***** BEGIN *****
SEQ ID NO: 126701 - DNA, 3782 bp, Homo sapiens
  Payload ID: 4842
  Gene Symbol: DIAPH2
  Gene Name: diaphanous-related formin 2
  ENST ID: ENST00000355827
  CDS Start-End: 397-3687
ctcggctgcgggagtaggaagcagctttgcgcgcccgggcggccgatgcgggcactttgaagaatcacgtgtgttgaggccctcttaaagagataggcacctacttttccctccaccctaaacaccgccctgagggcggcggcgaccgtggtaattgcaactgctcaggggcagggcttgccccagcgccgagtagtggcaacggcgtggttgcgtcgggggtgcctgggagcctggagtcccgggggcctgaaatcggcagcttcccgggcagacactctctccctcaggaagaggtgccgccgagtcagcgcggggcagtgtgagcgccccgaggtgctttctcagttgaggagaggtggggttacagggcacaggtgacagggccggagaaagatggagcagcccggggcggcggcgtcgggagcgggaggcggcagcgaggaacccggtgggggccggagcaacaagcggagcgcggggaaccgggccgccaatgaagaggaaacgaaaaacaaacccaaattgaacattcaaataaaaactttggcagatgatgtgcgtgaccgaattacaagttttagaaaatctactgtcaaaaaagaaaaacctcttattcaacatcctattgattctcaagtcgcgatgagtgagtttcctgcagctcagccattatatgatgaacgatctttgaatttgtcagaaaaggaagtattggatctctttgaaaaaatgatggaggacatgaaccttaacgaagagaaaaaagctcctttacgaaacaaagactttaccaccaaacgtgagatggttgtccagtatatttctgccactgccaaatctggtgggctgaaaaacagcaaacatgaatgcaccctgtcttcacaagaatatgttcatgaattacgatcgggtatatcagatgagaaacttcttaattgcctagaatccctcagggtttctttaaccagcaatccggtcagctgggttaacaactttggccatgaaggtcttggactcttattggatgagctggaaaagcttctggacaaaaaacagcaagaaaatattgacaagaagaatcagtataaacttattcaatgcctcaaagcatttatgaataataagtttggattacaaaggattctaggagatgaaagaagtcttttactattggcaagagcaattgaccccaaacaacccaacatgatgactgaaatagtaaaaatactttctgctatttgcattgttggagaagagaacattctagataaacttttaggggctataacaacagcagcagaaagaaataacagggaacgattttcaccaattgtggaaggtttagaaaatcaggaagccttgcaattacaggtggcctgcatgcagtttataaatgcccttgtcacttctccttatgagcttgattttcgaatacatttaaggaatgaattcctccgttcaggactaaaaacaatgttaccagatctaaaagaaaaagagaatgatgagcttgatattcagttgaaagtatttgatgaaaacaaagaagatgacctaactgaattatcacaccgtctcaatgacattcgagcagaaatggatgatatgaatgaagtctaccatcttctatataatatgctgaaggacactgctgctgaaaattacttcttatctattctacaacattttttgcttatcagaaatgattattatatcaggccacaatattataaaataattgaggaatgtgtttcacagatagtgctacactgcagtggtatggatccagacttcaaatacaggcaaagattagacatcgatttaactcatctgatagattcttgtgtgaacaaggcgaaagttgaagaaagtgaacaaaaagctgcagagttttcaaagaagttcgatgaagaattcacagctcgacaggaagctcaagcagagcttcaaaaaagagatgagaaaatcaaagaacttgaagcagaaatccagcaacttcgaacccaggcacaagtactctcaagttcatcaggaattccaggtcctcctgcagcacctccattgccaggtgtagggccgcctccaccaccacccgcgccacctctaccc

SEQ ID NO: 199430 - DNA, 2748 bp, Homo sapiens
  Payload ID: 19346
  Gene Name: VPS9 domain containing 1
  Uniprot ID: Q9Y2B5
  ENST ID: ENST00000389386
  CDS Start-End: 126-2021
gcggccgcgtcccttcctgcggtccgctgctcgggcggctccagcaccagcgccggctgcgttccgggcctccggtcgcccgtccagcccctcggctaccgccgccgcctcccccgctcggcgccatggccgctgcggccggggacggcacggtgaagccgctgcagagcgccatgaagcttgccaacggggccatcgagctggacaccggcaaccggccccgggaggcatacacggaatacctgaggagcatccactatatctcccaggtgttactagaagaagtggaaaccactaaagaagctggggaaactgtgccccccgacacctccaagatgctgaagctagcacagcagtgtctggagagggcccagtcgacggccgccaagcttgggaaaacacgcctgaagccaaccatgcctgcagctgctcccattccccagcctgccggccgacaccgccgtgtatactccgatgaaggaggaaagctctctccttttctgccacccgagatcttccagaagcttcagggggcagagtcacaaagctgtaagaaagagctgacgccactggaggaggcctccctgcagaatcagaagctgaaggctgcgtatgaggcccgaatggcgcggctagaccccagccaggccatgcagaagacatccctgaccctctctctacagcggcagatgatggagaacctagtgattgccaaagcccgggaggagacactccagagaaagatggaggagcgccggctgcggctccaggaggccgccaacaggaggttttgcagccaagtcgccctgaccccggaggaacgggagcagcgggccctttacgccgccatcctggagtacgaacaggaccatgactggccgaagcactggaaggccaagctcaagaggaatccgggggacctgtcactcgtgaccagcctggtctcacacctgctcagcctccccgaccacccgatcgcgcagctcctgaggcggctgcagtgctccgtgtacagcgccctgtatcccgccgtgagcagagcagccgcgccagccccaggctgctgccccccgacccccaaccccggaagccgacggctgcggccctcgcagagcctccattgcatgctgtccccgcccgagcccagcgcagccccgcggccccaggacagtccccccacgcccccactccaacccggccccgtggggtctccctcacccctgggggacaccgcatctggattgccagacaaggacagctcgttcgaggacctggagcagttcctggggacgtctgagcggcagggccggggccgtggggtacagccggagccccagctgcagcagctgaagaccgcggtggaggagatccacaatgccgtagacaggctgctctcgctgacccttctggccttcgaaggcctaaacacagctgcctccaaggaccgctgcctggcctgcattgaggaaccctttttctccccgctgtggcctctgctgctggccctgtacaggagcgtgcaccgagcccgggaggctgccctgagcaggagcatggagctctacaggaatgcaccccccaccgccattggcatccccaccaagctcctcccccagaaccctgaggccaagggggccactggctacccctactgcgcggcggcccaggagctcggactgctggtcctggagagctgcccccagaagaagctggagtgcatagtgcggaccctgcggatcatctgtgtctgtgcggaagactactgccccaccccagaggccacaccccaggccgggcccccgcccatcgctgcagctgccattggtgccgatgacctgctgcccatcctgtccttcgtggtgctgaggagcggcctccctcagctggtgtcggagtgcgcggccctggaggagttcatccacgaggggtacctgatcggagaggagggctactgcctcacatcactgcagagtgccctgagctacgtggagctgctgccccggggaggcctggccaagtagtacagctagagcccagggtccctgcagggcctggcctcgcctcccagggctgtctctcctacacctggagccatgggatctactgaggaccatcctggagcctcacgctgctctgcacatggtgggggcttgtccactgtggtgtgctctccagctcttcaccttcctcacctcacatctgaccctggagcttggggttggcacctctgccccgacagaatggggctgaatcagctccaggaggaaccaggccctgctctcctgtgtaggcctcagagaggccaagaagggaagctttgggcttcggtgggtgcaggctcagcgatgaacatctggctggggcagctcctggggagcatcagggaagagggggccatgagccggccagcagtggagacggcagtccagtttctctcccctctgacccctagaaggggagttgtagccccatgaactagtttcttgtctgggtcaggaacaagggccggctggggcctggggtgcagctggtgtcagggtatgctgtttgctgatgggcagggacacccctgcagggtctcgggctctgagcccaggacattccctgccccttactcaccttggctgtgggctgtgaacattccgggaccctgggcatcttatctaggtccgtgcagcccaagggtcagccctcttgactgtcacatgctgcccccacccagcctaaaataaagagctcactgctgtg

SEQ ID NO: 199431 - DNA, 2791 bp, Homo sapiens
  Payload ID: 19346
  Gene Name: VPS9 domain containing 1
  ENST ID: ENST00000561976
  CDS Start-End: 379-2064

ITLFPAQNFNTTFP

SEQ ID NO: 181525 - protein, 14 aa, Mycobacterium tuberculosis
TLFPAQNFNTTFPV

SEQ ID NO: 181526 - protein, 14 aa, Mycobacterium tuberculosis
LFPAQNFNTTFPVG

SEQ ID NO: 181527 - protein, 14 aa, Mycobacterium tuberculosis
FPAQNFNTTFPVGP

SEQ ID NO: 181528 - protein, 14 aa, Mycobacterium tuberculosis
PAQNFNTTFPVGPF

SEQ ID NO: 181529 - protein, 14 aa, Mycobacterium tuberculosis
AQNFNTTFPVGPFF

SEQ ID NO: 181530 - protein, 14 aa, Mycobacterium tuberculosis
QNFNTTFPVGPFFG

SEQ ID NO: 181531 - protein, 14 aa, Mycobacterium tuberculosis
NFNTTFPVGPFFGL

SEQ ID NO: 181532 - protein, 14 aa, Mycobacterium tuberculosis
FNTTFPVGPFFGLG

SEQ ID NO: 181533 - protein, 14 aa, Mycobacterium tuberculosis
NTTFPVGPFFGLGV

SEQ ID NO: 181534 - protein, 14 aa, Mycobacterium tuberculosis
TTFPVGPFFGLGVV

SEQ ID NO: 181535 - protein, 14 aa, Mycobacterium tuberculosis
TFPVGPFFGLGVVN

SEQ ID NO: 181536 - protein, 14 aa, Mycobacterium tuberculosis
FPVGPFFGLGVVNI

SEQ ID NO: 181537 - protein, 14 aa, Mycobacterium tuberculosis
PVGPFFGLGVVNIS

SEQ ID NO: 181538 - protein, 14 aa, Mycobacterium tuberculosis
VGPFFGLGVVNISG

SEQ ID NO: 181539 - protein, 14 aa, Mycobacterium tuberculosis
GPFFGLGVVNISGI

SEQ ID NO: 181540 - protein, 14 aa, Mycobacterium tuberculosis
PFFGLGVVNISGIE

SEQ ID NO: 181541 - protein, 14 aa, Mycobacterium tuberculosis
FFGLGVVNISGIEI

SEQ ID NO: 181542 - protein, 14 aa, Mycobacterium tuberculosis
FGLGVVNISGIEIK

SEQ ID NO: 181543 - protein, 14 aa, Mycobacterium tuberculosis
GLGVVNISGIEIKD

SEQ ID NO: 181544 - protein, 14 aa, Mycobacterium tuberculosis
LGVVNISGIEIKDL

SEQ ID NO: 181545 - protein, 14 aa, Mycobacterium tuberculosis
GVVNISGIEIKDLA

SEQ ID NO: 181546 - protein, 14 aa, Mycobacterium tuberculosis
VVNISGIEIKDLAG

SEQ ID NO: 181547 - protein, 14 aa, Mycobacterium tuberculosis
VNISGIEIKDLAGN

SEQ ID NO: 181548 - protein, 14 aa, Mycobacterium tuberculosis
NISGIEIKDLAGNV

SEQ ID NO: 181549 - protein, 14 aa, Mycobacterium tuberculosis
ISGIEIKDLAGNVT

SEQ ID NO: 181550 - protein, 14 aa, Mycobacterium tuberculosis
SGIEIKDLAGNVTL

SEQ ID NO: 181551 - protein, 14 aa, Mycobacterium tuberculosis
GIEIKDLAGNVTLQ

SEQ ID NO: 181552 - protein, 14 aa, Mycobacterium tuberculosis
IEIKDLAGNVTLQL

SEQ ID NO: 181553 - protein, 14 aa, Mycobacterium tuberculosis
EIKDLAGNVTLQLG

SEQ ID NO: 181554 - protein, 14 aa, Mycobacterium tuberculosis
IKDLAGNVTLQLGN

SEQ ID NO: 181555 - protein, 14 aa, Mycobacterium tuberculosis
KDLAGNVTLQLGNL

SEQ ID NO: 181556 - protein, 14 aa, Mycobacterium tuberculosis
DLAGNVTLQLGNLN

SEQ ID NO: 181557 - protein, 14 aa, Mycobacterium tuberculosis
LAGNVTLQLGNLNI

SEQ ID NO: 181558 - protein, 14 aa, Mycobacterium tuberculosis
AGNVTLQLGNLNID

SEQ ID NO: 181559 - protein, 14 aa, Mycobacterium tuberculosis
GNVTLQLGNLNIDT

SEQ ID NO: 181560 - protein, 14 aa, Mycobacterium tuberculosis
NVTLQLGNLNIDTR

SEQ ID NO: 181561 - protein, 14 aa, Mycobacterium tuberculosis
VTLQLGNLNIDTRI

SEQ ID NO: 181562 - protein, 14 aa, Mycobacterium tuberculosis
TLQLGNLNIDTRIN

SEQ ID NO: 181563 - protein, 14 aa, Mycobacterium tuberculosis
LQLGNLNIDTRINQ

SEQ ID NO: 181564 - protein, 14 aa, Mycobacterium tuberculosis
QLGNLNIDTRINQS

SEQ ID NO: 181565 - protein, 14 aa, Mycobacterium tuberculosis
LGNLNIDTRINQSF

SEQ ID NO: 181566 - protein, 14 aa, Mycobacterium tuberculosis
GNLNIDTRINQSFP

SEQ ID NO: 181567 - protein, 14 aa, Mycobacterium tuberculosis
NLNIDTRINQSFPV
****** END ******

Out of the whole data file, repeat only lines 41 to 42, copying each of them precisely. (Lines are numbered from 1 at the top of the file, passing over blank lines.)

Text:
SEQ ID NO: 181535 - protein, 14 aa, Mycobacterium tuberculosis
TFPVGPFFGLGVVN